The Vaccines’ Freddie Cowan to collaborate with Horrors’ brother Tom

Guitarist also reckons pop music is at a 'really awful point'

The Vaccines guitarist Freddie Cowan has revealed plans to work with his brother Tom, who plays keyboards in The Horrors.

Cowan said he was planning to record a track with his sibling, explaining that each member of The Vaccines will be individually recording a B-side for their new album’s four singles.

When asked about the prospect of collaborating with his brother, he said: “There’s a concept of all four singles and every member of the band has to write and record their own B-side. Well, I’m probably going to do mine with my brother. I asked him to produce and he’s really up for doing it. I don’t know if we’d collaborate on stage because we’ve done it already, but it’d be nice to do a collaboration with someone.”

The guitarist, whose band release their new album ‘The Vaccines Come Of Age’ on September 3, added that he believed “guitar music has always been in danger”, but that pop music was in a very sorry state.

Asked by Clash Magazine if he thought guitar music was in danger, Cowan said: “It’s always been in danger, for much longer than we think. There was Britpop and the Beatles and the Stones, but guitar music has always been the underdog. Led Zeppelin were huge but they were an underdog.”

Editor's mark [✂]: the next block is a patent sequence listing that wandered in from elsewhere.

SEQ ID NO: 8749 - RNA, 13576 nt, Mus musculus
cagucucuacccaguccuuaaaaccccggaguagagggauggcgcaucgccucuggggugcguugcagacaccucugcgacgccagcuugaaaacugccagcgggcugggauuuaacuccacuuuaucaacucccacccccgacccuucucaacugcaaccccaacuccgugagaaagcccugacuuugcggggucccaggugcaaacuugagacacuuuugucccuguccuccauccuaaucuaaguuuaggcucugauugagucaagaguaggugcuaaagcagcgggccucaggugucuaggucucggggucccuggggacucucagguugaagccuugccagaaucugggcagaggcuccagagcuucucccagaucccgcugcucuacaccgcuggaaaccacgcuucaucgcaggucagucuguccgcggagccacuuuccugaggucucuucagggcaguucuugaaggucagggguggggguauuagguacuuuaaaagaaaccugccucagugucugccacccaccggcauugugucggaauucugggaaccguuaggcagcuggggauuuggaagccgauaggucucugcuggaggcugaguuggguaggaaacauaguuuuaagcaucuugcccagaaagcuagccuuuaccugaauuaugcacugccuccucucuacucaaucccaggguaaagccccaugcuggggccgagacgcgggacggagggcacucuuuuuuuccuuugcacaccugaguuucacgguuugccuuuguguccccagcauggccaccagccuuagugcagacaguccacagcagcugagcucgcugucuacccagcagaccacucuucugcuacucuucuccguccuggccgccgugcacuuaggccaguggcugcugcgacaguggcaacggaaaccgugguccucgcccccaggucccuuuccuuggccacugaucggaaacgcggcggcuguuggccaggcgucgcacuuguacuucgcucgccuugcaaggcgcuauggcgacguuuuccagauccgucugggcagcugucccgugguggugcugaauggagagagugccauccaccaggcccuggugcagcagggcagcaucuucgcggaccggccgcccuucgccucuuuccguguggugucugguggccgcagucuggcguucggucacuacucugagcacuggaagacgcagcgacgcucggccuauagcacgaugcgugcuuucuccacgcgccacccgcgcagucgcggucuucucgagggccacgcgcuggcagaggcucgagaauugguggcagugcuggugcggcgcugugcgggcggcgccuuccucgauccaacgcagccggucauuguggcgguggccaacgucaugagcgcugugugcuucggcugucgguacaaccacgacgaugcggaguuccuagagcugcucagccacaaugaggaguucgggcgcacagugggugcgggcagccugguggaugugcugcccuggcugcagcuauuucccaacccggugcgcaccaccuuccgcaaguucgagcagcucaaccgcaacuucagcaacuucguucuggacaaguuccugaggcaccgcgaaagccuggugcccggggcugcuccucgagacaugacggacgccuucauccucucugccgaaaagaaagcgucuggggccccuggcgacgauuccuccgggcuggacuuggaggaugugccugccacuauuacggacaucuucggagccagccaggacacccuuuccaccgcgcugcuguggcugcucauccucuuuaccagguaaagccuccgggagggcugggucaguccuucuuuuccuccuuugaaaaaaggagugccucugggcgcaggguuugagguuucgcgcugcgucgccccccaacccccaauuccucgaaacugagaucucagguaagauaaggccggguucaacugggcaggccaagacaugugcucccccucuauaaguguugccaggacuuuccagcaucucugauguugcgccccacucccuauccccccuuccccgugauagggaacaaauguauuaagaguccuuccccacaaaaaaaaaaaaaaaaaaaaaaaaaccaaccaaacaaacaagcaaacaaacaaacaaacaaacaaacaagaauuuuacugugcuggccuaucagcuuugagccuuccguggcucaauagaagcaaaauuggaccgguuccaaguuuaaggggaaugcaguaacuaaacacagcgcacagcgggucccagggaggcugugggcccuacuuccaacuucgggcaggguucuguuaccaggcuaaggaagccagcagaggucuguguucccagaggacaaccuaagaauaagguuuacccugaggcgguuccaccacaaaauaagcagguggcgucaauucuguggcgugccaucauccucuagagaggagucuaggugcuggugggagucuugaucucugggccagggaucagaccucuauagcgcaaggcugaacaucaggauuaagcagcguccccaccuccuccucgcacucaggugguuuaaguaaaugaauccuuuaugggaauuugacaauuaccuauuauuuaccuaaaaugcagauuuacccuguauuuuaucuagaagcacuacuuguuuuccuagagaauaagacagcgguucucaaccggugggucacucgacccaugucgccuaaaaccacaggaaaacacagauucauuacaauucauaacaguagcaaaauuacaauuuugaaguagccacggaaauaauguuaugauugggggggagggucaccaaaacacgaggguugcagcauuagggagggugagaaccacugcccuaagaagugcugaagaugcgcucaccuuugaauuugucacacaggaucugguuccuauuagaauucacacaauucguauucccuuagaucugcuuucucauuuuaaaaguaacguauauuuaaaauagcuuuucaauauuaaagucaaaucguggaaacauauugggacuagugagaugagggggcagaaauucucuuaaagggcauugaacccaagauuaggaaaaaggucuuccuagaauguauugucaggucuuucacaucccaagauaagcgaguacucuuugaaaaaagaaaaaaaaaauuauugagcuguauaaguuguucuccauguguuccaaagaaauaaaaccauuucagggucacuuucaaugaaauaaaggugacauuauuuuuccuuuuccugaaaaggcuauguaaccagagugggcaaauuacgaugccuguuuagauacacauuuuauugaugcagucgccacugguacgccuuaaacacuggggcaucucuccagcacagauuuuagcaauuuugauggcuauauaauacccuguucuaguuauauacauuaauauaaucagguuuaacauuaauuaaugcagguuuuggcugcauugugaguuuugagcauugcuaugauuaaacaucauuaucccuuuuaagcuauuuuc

He continued: “There just happens to be a certain emotional resonance with guitar music that means it’s there to stay. People remember guitar music, people remember guitar bands. If you look at a festival, no one is going to see Jessie J headline a festival. Festivals just prove how many people and how important rock ‘n’ roll is to people. I do think pop music has declined to a kind of really awful point. I love pop music, but it’s been degraded to such a low point where the hooks aren’t even words anymore, they’re just noises.”

Earlier this month (July 19), The Vaccines unveiled their new single ‘Teenage Icon’ and its accompanying music video. Scroll down to watch it, and you can also read NME‘s review of the track now at NME.COM.